|A.K.A.||jwz, James Werner "Jamie" Zawinski|
|Countries||United States of America|
|Occupations||Computer scientist Software engineer Internet personality Engineer Programmer Nightclub owner Blogger|
|Type||Engineering Internet Science Technology|
|Birth||3 November 1968 (Pittsburgh)|
James Werner Zawinski (born November 3, 1968), commonly known as jwz, is an American computer programmer with contributions to the free software projects Mozilla and XEmacs, and early versions of the Netscape Navigator web browser. He maintains the XScreenSaver project which provides screenblanking for Mac OS X and for Unix and Unix-like computer operating systems using the X Window System.
Zawinski is currently the proprietor of the DNA Lounge, a nightclub in San Francisco.
Zawinski's early career included stints with Scott Fahlman's Lisp research group at Carnegie Mellon University, Expert Technologies, Inc. and Robert Wilensky and Peter Norvig's group at Berkeley. In the early 1990s, he was hired by Richard P. Gabriel's Lucid Inc. where he was eventually put to work on Lucid's Energize C++ IDE. Lucid decided to use GNU Emacs as the text editor for their IDE due to its free license, popularity, and extensibility. Zawinski and the other programmers made fundamental changes to GNU Emacs to add new functionality. Tensions over how to merge these patches into the main tree eventually led to the fork of the project into GNU Emacs and XEmacs.
Zawinski, with Marc Andreessen's help, worked on the early releases of Netscape Navigator, particularly the 1.0 release of the Unix version. He became quite well known in the early days of the World Wide Web through an easter egg in the Netscape browser: typing "about:jwz" into the address box would take the user to his home page (a similar trick worked for other Netscape staffers). In addition, Zawinski says he came up with the name "Mozilla" in a staff meeting.
In 2000, Zawinski starred in the 60-minute-long PBS documentary "Code Rush". The footage was taken during 1998 while Zawinski was still working for Netscape in which he is portrayed as a pivotal person in the company. In addition, he underlined his preference for the night scene which led him to buy a nightclub.
Zawinski was a major proponent of opening the source code of the Mozilla browser and a key person in the creation of the Mozilla project, but became disillusioned with the project when others decided to rewrite the code instead of incrementally improving it. When Netscape was acquired by AOL he wrote a bulletin explaining the nature of the Free Software Mozilla code. He resigned from Netscape Communications Corporation on April 1, 1999.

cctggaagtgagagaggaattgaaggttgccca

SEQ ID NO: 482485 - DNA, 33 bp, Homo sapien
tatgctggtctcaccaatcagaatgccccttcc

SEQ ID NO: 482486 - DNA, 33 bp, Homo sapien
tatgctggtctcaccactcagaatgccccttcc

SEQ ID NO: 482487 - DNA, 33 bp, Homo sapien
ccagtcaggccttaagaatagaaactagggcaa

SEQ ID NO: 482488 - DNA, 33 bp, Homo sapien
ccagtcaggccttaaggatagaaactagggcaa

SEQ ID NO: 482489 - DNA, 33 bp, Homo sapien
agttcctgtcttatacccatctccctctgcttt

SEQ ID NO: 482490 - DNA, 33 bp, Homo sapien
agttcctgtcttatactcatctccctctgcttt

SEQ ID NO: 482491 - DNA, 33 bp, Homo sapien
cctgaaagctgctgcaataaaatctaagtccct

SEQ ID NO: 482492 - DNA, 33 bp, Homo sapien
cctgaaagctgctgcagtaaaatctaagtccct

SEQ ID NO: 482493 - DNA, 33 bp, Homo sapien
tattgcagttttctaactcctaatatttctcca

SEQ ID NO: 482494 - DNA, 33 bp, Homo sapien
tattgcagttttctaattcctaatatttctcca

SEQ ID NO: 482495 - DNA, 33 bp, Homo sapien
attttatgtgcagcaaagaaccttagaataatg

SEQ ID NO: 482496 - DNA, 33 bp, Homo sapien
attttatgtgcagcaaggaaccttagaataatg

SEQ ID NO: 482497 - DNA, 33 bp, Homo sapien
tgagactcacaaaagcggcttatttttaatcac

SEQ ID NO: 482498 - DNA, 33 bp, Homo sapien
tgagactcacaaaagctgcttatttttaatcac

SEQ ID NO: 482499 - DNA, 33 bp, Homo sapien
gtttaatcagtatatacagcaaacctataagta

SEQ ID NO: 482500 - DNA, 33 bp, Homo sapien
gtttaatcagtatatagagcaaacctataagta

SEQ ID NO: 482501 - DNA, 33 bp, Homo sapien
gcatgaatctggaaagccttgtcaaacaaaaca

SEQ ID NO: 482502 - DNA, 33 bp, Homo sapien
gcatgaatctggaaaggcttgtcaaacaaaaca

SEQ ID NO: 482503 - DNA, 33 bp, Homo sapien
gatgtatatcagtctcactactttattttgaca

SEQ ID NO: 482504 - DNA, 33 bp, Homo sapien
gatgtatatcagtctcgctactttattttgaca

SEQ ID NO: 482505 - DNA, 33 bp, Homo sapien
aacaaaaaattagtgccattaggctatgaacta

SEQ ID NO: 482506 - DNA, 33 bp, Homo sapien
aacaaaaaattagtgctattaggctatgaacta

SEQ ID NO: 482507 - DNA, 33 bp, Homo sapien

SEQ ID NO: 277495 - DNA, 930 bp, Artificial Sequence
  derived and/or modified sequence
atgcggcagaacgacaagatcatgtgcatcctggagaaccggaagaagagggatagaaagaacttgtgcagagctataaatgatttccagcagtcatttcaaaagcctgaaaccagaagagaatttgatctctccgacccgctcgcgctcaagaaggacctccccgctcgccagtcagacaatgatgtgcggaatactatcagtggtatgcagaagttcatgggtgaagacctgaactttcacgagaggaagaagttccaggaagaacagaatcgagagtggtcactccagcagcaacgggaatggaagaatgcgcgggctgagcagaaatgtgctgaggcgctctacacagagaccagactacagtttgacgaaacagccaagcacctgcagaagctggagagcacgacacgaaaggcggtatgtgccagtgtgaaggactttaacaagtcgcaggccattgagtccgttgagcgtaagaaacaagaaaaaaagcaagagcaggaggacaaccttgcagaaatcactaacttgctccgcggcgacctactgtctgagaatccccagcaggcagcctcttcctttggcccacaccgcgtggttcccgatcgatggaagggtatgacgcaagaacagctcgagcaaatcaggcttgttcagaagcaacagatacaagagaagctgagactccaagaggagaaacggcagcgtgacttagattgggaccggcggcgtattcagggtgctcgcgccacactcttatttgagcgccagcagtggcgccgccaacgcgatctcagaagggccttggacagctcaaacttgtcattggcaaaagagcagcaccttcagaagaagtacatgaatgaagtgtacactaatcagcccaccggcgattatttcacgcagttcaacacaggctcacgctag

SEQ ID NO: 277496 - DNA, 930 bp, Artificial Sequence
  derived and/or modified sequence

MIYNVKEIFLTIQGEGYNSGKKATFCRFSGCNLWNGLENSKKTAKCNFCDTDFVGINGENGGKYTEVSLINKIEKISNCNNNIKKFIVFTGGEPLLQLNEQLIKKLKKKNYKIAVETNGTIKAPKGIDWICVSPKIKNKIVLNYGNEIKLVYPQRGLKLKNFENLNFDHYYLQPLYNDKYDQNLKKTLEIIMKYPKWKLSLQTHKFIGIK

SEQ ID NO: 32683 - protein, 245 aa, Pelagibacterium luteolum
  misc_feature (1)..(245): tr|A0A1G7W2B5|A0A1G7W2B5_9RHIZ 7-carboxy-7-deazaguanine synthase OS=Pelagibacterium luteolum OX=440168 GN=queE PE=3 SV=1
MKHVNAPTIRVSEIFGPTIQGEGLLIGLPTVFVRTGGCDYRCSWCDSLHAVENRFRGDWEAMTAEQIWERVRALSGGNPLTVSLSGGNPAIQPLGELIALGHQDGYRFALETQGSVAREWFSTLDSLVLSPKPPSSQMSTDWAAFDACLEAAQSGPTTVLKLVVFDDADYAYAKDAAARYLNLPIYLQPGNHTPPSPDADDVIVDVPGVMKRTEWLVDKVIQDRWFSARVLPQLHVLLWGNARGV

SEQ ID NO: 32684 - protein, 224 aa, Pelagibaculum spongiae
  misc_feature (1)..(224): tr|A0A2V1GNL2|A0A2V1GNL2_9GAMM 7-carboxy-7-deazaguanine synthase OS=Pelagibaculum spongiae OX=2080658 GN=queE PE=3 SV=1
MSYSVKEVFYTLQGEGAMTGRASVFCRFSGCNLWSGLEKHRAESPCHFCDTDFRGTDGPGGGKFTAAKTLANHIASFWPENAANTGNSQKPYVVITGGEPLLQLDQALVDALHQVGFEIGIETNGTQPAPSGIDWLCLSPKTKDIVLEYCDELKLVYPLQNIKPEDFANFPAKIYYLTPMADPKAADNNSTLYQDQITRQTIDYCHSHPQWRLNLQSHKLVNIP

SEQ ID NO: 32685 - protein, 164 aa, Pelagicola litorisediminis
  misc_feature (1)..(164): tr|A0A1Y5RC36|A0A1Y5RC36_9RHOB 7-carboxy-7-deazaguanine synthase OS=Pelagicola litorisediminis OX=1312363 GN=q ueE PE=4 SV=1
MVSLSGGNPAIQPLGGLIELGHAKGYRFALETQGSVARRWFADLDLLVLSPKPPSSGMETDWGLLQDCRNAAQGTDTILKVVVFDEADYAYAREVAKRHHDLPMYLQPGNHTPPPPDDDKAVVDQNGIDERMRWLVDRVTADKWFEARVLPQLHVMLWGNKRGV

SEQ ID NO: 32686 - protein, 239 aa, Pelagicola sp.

His current occupation is managing his DNA Lounge nightclub in San Francisco.
Zawinski's law of software envelopment (also known as Zawinski's law) comments on the phenomenon of software bloating with popular features:
Every program attempts to expand until it can read mail. Those programs which cannot so expand are replaced by ones which can.
Zawinski himself called it the "Law of Software Envelopment". Eric S. Raymond commented that while this law goes against the minimalist philosophy of Unix (a set of "small, sharp tools"), it actually addresses the real need of end users to keep together tools for interrelated tasks, even though for a coder implementation of these tools clearly consists of independent jobs.
Zawinski first attained prominence as a Lisp programmer, but most of his projects were written in Perl and C. He has criticized several language and library deficiencies he encountered while programming in Java, specifically the overhead of certain classes but also a lack of features such as C-like assertions and typedefs. Despite the positive aspects, ultimately Zawinski returned to programming in C “since it's still the only way to ship portable programs”.
In his post-Netscape life, he continued to proselytize against C++. In Peter Seibel's book Coders at Work: Reflections on the Craft of Programming, Zawinski calls C++ an "abomination".